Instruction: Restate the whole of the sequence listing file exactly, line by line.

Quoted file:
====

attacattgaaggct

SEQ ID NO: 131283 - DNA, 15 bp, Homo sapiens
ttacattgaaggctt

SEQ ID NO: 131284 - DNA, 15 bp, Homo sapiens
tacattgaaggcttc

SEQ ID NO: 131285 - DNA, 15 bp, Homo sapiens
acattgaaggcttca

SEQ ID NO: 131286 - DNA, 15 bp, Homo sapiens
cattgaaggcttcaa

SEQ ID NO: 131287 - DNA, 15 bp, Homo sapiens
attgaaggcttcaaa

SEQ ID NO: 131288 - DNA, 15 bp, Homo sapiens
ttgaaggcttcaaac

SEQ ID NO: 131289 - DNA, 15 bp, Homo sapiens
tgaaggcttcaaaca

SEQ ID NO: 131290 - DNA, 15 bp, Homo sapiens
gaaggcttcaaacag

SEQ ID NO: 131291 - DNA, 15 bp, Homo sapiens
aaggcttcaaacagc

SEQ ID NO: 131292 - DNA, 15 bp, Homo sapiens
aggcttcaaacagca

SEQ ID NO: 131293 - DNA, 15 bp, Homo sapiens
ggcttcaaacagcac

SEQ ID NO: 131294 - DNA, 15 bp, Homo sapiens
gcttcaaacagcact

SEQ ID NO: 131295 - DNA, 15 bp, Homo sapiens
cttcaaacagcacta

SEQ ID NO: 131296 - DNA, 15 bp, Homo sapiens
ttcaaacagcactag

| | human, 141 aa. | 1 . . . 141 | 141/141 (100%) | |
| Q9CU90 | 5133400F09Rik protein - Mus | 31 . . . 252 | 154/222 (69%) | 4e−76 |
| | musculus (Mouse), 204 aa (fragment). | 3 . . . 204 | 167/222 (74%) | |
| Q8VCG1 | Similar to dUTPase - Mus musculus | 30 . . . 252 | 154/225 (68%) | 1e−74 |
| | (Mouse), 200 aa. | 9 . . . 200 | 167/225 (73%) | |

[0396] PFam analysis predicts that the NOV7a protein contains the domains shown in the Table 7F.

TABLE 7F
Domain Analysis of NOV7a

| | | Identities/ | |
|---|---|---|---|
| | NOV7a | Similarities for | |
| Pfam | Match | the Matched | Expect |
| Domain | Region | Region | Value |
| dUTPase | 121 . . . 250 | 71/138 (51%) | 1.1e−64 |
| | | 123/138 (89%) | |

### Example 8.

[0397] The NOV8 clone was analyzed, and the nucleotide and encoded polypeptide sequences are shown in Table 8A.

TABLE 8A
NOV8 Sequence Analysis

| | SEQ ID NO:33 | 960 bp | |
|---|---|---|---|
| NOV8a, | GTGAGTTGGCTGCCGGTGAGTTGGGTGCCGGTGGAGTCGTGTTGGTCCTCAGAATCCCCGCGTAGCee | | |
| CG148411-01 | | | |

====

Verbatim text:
attacattgaaggct

SEQ ID NO: 131283 - DNA, 15 bp, Homo sapiens
ttacattgaaggctt

SEQ ID NO: 131284 - DNA, 15 bp, Homo sapiens
tacattgaaggcttc

SEQ ID NO: 131285 - DNA, 15 bp, Homo sapiens
acattgaaggcttca

SEQ ID NO: 131286 - DNA, 15 bp, Homo sapiens
cattgaaggcttcaa

SEQ ID NO: 131287 - DNA, 15 bp, Homo sapiens
attgaaggcttcaaa

SEQ ID NO: 131288 - DNA, 15 bp, Homo sapiens
ttgaaggcttcaaac

SEQ ID NO: 131289 - DNA, 15 bp, Homo sapiens
tgaaggcttcaaaca

SEQ ID NO: 131290 - DNA, 15 bp, Homo sapiens
gaaggcttcaaacag

SEQ ID NO: 131291 - DNA, 15 bp, Homo sapiens
aaggcttcaaacagc

SEQ ID NO: 131292 - DNA, 15 bp, Homo sapiens
aggcttcaaacagca

SEQ ID NO: 131293 - DNA, 15 bp, Homo sapiens
ggcttcaaacagcac

SEQ ID NO: 131294 - DNA, 15 bp, Homo sapiens
gcttcaaacagcact

SEQ ID NO: 131295 - DNA, 15 bp, Homo sapiens
cttcaaacagcacta

SEQ ID NO: 131296 - DNA, 15 bp, Homo sapiens
ttcaaacagcactag

| | human, 141 aa. | 1 . . . 141 | 141/141 (100%) | |
| Q9CU90 | 5133400F09Rik protein - Mus | 31 . . . 252 | 154/222 (69%) | 4e−76 |
| | musculus (Mouse), 204 aa (fragment). | 3 . . . 204 | 167/222 (74%) | |
| Q8VCG1 | Similar to dUTPase - Mus musculus | 30 . . . 252 | 154/225 (68%) | 1e−74 |
| | (Mouse), 200 aa. | 9 . . . 200 | 167/225 (73%) | |

[0396] PFam analysis predicts that the NOV7a protein contains the domains shown in the Table 7F.

TABLE 7F
Domain Analysis of NOV7a

| | | Identities/ | |
|---|---|---|---|
| | NOV7a | Similarities for | |
| Pfam | Match | the Matched | Expect |
| Domain | Region | Region | Value |
| dUTPase | 121 . . . 250 | 71/138 (51%) | 1.1e−64 |
| | | 123/138 (89%) | |

### Example 8.

[0397] The NOV8 clone was analyzed, and the nucleotide and encoded polypeptide sequences are shown in Table 8A.

TABLE 8A
NOV8 Sequence Analysis

| | SEQ ID NO:33 | 960 bp | |
|---|---|---|---|
| NOV8a, | GTGAGTTGGCTGCCGGTGAGTTGGGTGCCGGTGGAGTCGTGTTGGTCCTCAGAATCCCCGCGTAGCee | | |
| CG148411-01 | | | |